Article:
1st Edition

The Usurer's Daughter Male Friendship and Fictions of Women in 16th Century England

By Lorna Hutson Copyright 1994
    306 Pages
    by Routledge

    308 Pages
    by Routledge

    In a bold and brilliantly persuasive series of moves, Lorna Hutson draws upon new historicist and feminist theories to examine closely Renaissance literature and the cultural impact of the humanist project.
    The Usurer's Daughter:
    * provides startling new readings of Shakespeare
    * takes an entirely new approach to classical scholarship
    * focuses attention on the central importance of the history of the representation of women
    * illuminates how social relations between men were textualised during the early modern period.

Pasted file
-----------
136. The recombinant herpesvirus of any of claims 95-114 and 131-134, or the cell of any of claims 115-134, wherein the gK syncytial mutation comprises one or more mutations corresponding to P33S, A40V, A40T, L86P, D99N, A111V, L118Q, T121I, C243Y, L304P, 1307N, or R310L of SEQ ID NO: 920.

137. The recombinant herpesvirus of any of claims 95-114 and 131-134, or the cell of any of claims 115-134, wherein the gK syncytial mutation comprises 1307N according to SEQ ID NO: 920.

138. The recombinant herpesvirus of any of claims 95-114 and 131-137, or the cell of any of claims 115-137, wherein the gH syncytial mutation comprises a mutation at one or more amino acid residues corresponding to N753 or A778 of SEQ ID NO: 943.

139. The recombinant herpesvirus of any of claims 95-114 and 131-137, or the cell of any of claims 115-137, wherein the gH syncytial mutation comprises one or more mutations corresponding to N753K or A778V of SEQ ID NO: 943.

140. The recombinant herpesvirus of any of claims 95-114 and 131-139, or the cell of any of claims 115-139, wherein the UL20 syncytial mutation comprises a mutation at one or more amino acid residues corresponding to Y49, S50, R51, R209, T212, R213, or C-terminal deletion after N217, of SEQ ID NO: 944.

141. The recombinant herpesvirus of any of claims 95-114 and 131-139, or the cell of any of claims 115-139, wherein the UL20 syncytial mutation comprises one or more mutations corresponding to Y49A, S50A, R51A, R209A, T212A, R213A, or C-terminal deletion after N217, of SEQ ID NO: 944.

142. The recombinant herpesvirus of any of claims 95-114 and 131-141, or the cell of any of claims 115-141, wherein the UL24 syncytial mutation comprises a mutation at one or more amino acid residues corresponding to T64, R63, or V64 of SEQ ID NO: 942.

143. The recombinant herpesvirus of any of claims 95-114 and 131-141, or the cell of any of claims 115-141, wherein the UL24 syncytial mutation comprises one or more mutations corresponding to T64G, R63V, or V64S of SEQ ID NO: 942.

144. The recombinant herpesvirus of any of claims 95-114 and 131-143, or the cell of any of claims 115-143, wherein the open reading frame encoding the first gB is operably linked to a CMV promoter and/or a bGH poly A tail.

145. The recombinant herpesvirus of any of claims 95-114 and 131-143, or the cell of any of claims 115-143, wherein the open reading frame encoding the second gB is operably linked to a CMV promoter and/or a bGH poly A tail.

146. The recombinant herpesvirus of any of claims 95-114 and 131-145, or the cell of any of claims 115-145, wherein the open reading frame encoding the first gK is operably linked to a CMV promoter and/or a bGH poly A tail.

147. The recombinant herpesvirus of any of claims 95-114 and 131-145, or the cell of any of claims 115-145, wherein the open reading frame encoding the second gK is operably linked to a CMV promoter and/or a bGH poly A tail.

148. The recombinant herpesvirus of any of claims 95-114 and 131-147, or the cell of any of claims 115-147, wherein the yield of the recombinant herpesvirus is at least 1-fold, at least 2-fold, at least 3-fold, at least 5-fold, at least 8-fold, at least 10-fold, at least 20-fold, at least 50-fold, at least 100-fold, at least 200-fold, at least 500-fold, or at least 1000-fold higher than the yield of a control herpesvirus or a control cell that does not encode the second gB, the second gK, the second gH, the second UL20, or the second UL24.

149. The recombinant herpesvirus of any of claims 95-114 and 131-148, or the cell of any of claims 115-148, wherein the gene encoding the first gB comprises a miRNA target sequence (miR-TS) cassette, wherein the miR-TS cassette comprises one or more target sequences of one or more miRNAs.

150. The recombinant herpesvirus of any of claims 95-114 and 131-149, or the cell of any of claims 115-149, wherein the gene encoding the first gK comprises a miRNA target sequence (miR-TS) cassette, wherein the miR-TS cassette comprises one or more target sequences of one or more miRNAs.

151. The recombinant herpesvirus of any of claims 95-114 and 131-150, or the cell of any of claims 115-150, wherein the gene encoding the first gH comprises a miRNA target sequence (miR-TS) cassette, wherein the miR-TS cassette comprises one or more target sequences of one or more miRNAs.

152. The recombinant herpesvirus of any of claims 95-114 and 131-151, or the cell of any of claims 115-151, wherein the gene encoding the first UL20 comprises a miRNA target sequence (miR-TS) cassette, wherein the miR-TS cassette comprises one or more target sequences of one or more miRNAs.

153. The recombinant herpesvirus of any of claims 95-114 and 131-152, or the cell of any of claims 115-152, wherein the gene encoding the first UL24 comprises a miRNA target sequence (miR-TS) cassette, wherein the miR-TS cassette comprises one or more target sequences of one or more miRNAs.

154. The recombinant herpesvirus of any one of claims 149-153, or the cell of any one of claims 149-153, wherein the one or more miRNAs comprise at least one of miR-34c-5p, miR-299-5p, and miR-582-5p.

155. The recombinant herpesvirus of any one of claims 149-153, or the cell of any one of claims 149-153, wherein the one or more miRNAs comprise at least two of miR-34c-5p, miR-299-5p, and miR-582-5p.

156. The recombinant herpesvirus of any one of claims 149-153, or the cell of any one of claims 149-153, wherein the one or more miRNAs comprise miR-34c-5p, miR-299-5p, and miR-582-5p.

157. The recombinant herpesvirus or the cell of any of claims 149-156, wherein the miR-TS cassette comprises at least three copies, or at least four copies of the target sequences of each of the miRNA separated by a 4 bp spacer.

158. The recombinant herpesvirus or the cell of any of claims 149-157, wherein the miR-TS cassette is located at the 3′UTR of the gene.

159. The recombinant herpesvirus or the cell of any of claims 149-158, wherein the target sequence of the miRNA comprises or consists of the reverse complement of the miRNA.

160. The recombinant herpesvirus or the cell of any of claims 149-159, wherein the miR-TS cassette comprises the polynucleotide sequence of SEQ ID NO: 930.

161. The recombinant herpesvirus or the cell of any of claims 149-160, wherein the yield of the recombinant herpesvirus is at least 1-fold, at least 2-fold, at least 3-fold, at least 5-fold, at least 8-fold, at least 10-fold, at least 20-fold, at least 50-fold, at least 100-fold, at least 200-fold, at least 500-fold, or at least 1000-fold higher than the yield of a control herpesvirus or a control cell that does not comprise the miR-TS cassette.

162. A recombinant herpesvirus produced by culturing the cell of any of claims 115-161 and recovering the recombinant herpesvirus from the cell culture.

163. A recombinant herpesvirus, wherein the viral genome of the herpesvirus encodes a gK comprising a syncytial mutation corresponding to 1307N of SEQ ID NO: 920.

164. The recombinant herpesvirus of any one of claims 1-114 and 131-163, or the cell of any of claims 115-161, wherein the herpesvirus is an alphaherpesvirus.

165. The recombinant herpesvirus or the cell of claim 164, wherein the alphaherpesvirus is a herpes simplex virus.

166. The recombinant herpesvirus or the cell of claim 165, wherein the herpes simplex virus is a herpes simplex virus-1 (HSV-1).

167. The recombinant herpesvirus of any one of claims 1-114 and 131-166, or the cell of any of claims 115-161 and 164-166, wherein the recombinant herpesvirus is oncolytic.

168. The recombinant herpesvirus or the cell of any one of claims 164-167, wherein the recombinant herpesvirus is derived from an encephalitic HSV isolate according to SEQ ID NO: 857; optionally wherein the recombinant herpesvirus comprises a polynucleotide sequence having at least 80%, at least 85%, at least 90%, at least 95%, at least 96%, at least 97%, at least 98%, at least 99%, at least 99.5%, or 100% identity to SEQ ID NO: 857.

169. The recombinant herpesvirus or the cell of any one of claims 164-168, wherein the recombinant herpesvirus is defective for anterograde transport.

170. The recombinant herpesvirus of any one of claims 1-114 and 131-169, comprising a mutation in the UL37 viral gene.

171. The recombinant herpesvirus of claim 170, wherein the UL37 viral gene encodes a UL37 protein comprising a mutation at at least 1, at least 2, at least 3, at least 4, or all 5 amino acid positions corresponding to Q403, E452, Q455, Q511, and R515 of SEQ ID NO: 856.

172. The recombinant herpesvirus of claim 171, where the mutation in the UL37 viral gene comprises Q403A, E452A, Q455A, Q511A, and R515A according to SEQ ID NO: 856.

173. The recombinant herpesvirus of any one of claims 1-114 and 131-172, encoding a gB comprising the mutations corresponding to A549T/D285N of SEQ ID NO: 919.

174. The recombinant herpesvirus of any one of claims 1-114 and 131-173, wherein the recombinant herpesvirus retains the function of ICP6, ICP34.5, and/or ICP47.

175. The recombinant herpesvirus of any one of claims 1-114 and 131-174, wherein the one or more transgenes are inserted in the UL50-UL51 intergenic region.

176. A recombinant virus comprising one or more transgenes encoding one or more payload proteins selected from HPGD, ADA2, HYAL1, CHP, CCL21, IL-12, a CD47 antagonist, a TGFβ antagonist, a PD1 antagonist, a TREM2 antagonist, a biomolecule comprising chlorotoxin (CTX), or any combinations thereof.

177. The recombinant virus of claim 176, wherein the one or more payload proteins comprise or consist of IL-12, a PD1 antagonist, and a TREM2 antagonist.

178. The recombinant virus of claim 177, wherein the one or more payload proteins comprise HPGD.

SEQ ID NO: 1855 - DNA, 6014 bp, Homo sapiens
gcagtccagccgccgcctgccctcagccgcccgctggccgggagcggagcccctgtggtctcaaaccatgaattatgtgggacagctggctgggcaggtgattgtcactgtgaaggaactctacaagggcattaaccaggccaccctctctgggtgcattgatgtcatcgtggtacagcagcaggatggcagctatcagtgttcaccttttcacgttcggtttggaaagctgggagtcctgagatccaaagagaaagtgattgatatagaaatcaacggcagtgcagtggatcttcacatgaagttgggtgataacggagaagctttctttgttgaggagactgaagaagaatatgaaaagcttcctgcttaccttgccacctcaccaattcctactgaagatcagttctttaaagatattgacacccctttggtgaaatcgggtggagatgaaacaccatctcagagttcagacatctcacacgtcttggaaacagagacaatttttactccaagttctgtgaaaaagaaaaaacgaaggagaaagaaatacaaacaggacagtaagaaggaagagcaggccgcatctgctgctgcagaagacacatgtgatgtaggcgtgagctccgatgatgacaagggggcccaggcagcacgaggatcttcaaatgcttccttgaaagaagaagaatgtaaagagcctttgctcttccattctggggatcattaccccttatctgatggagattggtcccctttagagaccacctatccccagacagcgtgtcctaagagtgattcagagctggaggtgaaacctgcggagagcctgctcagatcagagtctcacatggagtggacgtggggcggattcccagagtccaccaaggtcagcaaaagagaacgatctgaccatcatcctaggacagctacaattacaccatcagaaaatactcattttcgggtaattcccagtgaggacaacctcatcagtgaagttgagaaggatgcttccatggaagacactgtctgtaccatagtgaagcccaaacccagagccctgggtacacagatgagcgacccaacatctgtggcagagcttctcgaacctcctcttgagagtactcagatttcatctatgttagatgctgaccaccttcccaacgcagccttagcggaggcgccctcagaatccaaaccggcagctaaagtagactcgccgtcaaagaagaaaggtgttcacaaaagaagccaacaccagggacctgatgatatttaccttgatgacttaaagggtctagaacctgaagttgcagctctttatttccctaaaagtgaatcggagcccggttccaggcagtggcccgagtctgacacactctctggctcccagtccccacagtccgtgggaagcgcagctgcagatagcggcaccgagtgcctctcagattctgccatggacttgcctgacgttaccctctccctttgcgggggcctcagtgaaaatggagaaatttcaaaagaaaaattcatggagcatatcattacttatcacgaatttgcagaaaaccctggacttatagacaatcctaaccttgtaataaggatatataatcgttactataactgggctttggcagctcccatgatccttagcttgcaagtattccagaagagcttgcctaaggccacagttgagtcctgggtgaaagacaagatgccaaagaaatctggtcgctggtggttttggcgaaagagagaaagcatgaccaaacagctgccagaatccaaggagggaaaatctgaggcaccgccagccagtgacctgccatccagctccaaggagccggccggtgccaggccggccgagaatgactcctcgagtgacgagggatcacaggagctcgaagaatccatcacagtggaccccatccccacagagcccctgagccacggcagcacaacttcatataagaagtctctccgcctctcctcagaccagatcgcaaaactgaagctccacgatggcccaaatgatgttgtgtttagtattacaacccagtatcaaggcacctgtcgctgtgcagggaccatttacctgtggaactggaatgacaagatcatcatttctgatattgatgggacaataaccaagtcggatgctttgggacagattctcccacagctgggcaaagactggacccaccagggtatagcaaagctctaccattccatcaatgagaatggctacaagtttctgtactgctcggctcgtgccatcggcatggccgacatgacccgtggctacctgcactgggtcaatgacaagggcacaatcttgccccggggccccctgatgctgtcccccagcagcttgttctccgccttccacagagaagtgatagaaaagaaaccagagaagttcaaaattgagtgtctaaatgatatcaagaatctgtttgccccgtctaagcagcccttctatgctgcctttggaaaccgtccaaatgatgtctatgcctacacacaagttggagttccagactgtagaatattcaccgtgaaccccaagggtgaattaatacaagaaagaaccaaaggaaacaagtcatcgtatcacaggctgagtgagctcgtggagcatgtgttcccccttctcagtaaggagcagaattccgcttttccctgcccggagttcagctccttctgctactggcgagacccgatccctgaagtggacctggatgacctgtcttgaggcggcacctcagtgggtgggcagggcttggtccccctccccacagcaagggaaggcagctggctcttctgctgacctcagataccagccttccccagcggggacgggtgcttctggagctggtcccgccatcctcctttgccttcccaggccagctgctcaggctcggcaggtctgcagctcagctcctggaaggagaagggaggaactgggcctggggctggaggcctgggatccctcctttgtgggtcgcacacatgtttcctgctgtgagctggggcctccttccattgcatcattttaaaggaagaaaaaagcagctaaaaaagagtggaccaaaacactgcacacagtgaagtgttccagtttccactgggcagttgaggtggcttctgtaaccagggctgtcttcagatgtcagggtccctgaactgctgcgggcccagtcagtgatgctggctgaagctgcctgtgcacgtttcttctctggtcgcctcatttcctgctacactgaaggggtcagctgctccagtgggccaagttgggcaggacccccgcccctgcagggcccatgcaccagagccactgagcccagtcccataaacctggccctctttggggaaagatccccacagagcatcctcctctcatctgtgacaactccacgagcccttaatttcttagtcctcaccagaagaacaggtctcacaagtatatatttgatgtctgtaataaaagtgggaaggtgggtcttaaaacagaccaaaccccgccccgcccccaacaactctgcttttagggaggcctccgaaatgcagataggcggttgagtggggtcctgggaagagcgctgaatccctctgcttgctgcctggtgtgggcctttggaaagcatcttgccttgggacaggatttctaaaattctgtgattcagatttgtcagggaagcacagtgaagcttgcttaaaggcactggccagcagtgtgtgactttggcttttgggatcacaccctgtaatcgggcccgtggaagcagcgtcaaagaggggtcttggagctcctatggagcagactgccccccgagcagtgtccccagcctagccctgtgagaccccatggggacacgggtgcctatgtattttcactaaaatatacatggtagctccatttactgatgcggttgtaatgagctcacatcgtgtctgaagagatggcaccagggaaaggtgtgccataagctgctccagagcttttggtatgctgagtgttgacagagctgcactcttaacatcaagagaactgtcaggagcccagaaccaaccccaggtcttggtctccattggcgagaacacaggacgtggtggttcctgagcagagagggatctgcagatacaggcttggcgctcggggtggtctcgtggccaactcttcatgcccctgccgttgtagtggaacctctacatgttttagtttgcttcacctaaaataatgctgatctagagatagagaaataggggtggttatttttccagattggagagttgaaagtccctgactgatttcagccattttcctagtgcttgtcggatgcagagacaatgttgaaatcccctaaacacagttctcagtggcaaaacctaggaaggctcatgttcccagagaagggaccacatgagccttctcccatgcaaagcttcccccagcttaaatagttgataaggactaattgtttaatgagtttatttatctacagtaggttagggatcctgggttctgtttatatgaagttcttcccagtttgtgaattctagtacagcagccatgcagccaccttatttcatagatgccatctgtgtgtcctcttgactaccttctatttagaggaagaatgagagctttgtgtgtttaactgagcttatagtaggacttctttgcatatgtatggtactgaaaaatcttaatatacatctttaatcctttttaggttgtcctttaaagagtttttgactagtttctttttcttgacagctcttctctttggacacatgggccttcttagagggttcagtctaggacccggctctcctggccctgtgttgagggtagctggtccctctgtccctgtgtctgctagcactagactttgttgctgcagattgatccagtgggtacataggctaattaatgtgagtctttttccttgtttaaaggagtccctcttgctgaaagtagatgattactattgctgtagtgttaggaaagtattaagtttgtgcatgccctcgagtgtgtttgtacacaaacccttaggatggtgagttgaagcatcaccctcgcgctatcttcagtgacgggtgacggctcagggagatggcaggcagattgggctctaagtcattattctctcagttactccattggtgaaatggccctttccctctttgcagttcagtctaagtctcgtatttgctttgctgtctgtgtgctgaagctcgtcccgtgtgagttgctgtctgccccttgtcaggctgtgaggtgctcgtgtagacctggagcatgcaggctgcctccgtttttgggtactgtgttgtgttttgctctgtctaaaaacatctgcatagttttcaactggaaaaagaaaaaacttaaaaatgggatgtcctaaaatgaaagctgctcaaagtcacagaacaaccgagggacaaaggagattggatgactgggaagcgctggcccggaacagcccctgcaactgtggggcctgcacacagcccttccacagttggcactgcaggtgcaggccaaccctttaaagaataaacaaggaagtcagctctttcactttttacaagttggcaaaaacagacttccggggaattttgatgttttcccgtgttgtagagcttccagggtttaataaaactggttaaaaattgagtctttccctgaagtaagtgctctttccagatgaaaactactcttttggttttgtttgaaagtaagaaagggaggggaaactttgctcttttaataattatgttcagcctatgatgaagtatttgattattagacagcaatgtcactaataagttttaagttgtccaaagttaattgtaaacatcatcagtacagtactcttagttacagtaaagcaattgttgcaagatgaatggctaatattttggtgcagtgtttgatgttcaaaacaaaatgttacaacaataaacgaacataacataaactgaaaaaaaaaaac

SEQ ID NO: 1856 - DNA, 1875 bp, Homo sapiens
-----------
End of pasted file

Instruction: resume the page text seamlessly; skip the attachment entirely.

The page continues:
INTRODUCTION The signs of friendship Part I Mental husbandry 1 THE HOUSEWIFE AND THE HUMANISTS 2 ECONOMIES OF FRIENDSHIP The textuality of amicitial Part II Anxieties of textual access 3 FROM ERRANT KNIGHT TO PRUDENT CAPTAIN Masculinity and ‘romantic’ fiction 4 USURERS’ DAUGHTERS AND PRODIGAL SONS The gendered plot of authorship in the 1570s Part III The theatre of clandestine marriage 5 HOUSEHOLD STUFF 6 WHY DO SHAKESPEARE’S WOMEN HAVE ‘CHARACTERS’? Shylock: Why this usurer has a daughter


    Lorna Hutson is a Lecturer in English at Queen Mary and Westfield College, University of London.

    `A major work of impressive scholarship that many people will find of value.' - Sixteenth Century Journal